India is at a crossroads in its national space development program, having to decide if it will invest more of its small budget on manned space flight - which could be very lucrative, long-term, but which depends on certain conditions beyond its present control- or on continued robotic and scientific missions designed to benefit national development goals.
Indian Space Research Organisation's Chairman, G Madhavan Nair, recently announced that his country will decide in a year's time on whether to develop a manned space mission.
"We have to first decide how far such a manned mission is beneficial and whether we can afford to remain without it. Only a national debate can throw up answers for a consensus to go for a manned mission," he said. Such a program is expected to cost up to Rs 15,000 to 20,000 crore.
"We need to develop a lot of new technologies to build a life-supporting system, a space capsule with safety features to survive, and a recovery operation to complete the mission. If it is decided, then we do not want to lag behind in our preparations," Nair said, adding it will take at least seven to eight years for the agency to prepare for the mission.
An un-manned mission, by comparison, would cost around Rs 3000 crore, "therefore, it has to be debated and decided whether it is worthwhile to go on with a manned mission, when the same can be achieved by robotic instruments," he added.
India sent its first astronaut, Rakesh Sharma (the 138th astronaut to go into space), aboard the Soviet spacecraft Salyut 7 in April 1984, while another astronaut, the Indian-American Kalpana Chawla (who flew into space on board the Challenger twice), was killed along with six others in the Columbia shuttle disaster in February on February 1, 2003.
The United States offered to include an Indian astronaut in future manned-space missions during Prime Minister Manmohan Singh's visit to Washington, in July 2005, but haven't made any further commitments yet.
"ISRO is still reviewing the possibility of sending an Indian astronaut in the US-backed International Space Mission. But so far no such proposal has been drafted", Mr Nair also said recently.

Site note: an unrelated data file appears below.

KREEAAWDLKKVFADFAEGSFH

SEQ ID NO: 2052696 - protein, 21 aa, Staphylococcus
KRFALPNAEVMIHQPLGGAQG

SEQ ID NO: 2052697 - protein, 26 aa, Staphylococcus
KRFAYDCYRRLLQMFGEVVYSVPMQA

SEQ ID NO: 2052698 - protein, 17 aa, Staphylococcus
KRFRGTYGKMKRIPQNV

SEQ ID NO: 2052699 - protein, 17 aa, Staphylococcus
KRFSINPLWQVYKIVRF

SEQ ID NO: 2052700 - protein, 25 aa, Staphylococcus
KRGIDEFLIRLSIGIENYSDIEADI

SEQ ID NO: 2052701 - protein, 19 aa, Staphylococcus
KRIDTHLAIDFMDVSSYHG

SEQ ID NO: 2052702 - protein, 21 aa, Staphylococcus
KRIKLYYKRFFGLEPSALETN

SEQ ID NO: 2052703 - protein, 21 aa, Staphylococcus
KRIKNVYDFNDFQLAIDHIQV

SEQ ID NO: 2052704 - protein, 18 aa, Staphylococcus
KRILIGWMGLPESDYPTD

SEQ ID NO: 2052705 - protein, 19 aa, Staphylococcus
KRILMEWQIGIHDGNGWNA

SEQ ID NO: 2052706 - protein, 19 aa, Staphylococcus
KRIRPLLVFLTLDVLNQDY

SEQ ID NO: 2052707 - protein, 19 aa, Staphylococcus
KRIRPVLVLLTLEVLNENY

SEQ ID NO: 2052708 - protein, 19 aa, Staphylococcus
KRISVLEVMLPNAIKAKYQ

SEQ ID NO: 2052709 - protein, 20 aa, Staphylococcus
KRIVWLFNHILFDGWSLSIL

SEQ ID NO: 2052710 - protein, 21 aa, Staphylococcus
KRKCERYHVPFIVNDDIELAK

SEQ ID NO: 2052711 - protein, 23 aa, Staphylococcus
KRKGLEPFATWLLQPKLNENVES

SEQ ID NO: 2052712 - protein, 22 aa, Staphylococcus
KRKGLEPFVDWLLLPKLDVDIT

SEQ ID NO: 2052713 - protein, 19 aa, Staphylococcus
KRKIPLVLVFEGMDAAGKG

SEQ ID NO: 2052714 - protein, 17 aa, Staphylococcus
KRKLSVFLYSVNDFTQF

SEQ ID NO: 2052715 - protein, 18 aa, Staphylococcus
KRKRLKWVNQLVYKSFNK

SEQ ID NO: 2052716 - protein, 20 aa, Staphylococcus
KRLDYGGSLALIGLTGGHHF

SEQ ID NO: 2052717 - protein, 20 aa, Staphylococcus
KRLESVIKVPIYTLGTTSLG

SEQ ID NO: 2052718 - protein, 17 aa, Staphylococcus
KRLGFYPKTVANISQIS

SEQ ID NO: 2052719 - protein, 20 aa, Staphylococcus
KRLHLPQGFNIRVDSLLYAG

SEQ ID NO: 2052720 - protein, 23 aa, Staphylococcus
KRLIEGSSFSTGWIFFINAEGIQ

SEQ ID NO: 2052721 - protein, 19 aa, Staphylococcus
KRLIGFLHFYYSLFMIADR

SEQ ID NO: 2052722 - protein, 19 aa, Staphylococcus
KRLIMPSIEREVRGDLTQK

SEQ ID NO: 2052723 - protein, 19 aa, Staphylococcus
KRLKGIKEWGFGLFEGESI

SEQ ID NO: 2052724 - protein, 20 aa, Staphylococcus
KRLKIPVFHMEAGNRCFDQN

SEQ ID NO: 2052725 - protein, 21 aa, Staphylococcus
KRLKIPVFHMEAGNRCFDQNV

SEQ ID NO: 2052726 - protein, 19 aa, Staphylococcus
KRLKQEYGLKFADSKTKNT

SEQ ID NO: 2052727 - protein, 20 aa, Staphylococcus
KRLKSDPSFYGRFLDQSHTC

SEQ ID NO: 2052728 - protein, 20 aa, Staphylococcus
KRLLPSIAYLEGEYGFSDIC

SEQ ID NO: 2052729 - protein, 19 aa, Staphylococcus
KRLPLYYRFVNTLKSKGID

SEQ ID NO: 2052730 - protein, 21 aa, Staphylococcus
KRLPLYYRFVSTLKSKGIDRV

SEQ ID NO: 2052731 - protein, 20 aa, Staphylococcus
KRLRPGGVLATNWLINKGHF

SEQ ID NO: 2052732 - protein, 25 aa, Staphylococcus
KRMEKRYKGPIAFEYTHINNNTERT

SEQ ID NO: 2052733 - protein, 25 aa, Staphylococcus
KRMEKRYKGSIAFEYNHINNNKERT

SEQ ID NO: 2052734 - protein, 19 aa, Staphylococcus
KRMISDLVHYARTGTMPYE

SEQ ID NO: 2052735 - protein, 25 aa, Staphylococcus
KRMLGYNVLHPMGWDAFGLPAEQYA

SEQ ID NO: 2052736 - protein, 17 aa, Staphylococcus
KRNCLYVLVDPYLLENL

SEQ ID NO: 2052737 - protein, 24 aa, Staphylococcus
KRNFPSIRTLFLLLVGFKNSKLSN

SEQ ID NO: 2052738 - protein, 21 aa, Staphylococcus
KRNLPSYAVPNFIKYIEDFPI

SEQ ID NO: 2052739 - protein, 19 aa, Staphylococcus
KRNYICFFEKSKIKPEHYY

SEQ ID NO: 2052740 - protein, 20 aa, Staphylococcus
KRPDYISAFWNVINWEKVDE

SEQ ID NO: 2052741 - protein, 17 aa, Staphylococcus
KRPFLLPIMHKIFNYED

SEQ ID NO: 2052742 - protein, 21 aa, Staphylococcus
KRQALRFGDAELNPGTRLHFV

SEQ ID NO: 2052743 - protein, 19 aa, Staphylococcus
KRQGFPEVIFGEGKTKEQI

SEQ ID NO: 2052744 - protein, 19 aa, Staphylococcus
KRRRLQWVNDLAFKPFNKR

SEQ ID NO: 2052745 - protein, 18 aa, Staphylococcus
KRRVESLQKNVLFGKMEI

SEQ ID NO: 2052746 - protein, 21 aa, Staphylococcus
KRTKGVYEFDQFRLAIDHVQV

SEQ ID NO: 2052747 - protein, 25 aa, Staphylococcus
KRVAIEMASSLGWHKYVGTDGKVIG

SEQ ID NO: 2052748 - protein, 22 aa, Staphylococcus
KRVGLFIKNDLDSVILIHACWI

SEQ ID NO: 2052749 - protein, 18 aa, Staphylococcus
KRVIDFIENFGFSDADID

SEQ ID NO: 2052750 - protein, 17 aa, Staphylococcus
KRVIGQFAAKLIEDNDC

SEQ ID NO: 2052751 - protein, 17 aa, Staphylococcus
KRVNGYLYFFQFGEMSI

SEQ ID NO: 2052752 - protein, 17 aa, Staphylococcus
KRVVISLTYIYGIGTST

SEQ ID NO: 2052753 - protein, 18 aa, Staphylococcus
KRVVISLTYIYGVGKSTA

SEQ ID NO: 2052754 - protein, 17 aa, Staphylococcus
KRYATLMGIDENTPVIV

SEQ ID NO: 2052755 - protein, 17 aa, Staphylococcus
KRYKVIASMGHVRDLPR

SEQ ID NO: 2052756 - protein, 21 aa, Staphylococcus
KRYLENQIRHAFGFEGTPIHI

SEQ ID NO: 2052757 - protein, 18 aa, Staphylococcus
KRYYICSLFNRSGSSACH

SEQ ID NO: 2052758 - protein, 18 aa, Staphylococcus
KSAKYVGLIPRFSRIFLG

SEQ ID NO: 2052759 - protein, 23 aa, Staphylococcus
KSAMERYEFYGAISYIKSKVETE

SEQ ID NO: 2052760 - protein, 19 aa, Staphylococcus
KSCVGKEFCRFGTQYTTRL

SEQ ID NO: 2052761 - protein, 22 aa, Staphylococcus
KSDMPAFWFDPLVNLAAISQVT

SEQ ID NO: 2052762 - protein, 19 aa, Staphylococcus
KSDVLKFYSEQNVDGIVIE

If an Indian citizen were to visit the ISS, alleged areas of study would include protein synthesis, aerobic cell cultivation and efficacy of yogic exercises under micro gravity.
Since the Soviets orbited Rakesh Sharma in 1984, India has refocussed its space activities on finding ways to use space technology for the direct benefit of India's national development goals. As India becomes a greater player in the global economy, though, ISRO's policy is changing - with the Chandrayaan 1 moon probe a sign, perhaps, that India is aiming at becoming a full-fledged space power with civilian, commercial, military, and even human space capabilities.
The key to helping India build its human spaceflight program is the United States' role in the ISS partnership. As an apparent new long-term strategic and economic partner of the US, it's in America's national interest to see India develop some of its space activities in close cooperation with the US.
President Bush has committed the US to finishing the ISS assembly process by around 2010, which it will then use for human spaceflight research, until about 2015, after which, it plans to stop funding ISS operations and concentrate on the human exploration of the Moon and Mars.
There are no official US plans for the ISS after this date but it seems unlikely that America's partners would abandon the complex. It is probable that, within the next few years, negotiations will begin covering the long-term future of the ISS, whereby the US might consider handing over to India some of its ownership rights in the ISS. If this happens, one could expect future ISS crews to include at least one Indian astronaut.
After 2015 the ISS partnership will have to evolve into something quite different from what it is today. The US will fade into the background while the Russians, Japanese and Europeans will share the leading roles. India - and perhaps China - will have the chance to fill the void left by the Americans.
India would earn its stake in the ISS by developing and building an automated logistics spacecraft, like Russia's Progress or Europe's Automated Transfer Vehicle (ATV).
The Geostationary Launch Vehicle (GSLV) that ISRO has already successfully used three times can put at least two or three tons into low Earth orbit (LEO). From its launch site on the Bay of Bengal, it could reach the ISS with a reasonable load of fuel, water, or other supplies. This India Space Logistics Vehicle (ISLV) could be designed by India's own space industry, with minimal help from the US or Russia, and prove to be far more cost effective than existing craft.
India may even want to design the ISLV so that it could evolve to deliver cargo anywhere within cislunar space, including, eventually, the surface of the Moon. A low-cost, Earth-to-Moon supply carrier, launched by a future version of the GSLV, might be a valuable business niche for India's future, giving the country a strong claim for participation in the Vision for Space Exploration.
Copyright 2006 by Space Daily, Distributed United Press International
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